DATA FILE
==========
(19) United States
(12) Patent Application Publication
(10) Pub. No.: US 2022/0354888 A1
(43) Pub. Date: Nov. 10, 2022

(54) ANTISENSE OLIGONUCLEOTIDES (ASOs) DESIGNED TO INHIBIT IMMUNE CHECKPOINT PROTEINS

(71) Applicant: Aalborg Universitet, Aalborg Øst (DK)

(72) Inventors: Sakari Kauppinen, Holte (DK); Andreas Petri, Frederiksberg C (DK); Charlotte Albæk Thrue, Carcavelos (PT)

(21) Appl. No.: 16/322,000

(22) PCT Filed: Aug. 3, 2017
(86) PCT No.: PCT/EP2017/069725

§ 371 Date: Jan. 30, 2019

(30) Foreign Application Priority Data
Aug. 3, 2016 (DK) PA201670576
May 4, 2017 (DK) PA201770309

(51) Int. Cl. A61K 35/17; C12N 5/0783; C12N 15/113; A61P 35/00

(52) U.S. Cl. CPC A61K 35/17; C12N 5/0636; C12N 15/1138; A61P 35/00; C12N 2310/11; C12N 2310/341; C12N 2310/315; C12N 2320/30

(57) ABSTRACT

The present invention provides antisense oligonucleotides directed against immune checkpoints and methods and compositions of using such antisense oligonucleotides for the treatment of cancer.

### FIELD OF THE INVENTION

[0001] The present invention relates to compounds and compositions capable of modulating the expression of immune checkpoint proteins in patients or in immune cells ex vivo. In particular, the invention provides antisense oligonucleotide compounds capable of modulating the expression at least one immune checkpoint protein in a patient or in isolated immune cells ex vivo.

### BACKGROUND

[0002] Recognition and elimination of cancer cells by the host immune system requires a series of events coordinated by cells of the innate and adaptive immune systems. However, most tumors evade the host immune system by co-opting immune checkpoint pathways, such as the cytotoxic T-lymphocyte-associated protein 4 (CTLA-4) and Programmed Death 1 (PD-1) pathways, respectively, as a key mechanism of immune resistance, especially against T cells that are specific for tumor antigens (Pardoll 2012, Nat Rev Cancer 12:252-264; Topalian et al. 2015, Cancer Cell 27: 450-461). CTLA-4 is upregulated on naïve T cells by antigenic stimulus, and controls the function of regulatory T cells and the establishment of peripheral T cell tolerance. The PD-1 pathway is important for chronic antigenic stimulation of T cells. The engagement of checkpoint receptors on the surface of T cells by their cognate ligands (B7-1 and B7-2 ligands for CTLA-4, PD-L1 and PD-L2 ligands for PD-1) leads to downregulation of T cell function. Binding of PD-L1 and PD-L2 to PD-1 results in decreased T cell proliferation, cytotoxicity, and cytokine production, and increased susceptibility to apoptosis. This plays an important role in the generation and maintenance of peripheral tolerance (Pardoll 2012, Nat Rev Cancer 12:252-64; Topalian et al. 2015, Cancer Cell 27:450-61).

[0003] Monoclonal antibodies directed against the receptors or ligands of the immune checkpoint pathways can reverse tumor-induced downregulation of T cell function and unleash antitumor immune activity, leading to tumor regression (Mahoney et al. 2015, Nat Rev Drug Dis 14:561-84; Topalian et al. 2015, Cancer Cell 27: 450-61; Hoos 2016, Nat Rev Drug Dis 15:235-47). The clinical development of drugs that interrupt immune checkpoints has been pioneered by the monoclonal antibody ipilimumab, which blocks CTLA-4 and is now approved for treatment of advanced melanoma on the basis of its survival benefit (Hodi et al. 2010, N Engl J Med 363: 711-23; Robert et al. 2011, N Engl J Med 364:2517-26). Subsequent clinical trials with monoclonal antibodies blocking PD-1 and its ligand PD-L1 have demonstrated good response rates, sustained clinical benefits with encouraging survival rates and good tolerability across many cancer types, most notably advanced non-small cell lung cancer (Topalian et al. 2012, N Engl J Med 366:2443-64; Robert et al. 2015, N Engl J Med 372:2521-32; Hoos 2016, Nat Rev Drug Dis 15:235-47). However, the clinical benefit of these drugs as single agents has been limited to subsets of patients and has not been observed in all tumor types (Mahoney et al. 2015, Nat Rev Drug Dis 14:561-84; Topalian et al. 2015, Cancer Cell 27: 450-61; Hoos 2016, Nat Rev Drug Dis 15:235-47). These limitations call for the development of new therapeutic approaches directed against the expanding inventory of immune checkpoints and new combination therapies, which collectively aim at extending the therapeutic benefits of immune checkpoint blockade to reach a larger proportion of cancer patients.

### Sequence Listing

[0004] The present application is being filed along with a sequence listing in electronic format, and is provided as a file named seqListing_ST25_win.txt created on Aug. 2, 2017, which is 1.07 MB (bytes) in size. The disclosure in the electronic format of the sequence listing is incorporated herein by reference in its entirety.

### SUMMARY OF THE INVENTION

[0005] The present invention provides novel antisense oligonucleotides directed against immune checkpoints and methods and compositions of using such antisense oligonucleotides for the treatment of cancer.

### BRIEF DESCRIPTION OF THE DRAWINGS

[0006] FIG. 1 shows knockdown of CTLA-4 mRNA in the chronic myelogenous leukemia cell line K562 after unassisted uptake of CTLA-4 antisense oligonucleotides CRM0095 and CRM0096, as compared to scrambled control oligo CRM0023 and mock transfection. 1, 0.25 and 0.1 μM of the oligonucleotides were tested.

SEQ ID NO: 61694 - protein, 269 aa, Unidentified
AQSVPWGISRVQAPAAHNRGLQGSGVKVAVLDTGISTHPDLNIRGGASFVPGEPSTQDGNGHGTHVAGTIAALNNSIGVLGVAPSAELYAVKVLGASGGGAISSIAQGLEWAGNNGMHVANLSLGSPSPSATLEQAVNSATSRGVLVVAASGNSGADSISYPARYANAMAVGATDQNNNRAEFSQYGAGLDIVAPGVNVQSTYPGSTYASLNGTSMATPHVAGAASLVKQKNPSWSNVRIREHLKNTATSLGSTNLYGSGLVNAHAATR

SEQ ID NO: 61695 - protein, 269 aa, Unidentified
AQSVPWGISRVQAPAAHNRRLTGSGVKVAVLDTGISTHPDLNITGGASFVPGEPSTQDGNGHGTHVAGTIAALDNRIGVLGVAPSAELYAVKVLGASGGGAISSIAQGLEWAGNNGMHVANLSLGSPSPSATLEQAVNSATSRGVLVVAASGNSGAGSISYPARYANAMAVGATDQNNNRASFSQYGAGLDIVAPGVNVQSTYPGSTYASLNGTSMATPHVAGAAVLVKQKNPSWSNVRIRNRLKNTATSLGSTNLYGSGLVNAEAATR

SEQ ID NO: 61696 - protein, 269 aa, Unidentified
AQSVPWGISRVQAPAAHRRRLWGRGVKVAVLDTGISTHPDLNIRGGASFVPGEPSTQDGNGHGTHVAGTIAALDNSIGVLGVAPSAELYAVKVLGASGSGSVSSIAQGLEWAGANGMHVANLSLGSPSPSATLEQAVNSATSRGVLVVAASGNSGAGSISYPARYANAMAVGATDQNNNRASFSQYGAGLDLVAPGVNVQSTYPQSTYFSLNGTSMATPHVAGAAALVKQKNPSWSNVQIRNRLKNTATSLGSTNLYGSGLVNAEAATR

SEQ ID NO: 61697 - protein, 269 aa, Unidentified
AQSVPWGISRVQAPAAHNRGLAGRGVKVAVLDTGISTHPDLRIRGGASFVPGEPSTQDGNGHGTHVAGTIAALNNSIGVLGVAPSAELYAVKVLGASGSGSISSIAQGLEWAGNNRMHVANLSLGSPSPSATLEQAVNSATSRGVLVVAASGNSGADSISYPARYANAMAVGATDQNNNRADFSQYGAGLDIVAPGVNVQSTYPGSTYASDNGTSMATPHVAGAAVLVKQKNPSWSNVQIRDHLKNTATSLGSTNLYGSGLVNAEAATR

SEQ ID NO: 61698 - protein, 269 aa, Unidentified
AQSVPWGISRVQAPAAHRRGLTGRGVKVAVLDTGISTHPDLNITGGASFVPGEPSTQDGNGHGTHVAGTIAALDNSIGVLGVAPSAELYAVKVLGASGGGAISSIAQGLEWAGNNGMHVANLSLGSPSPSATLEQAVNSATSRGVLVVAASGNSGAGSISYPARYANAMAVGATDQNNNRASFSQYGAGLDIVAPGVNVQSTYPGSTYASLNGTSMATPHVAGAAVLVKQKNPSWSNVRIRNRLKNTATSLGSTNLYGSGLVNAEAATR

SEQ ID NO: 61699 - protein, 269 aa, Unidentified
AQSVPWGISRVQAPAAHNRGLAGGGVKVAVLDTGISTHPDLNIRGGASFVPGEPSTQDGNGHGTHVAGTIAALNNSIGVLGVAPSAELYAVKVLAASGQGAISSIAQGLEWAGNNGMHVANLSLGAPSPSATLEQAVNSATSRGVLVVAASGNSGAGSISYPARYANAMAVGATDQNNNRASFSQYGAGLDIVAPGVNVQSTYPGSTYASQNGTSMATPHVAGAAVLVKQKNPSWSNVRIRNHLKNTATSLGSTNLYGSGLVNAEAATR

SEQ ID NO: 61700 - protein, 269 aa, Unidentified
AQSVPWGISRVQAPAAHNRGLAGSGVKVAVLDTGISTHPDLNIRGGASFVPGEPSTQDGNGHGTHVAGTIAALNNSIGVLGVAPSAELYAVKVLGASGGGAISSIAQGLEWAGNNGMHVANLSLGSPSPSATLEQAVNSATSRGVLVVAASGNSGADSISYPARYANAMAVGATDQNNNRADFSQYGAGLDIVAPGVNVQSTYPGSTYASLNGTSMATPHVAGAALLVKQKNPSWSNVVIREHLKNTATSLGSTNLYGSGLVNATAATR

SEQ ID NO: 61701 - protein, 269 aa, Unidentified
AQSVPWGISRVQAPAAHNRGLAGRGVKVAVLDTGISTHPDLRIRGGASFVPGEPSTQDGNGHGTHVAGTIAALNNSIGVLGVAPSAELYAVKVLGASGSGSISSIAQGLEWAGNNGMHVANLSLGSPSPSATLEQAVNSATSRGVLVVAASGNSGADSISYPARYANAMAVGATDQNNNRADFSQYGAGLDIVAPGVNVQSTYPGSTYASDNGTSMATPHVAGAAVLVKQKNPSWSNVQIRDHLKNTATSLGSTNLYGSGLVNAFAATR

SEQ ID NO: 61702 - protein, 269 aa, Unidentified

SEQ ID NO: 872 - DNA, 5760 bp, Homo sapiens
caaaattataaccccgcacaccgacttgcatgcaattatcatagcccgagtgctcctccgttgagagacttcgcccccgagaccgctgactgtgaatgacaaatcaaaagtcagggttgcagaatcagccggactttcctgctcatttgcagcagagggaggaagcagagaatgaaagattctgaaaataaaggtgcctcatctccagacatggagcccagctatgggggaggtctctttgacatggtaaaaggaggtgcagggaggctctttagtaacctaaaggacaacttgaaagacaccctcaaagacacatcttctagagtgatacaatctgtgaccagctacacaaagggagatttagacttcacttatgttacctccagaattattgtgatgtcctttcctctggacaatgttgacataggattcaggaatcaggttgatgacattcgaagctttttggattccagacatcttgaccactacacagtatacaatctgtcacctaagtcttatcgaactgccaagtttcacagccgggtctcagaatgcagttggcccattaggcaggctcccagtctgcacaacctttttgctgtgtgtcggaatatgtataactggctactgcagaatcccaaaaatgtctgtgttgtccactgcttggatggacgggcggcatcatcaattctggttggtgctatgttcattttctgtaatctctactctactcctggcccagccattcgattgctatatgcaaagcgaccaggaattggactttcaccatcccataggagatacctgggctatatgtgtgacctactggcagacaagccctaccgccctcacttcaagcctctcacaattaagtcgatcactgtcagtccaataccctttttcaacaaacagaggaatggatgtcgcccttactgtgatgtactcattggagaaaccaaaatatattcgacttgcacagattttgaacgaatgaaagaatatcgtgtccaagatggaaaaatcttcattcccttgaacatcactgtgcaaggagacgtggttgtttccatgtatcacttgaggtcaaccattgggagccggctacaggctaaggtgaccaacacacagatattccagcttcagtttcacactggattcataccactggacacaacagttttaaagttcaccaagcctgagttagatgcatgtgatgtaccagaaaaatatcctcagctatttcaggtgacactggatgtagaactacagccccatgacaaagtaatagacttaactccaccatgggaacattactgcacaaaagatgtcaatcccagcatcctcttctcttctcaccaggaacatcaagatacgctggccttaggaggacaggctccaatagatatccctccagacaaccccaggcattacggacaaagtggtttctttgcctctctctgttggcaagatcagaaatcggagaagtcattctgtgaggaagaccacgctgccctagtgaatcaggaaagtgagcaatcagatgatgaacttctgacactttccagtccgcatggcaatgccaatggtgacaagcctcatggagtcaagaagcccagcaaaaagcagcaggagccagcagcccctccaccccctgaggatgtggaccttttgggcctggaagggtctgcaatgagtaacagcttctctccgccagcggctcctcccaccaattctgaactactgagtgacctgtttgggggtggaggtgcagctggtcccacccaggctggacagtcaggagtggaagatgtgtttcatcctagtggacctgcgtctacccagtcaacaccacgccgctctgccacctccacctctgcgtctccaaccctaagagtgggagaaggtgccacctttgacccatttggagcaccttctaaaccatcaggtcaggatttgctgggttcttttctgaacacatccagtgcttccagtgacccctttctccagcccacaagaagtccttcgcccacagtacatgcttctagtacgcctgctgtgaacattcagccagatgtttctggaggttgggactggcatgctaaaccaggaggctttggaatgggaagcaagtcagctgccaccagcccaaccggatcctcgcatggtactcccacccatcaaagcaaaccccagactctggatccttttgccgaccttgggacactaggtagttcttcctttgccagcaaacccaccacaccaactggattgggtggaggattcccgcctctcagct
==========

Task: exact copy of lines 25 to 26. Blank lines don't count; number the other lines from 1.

[0004] The present application is being filed along with a sequence listing in electronic format, and is provided as a file named seqListing_ST25_win.txt created on Aug. 2, 2017, which is 1.07 MB (bytes) in size. The disclosure in the electronic format of the sequence listing is incorporated herein by reference in its entirety.

### SUMMARY OF THE INVENTION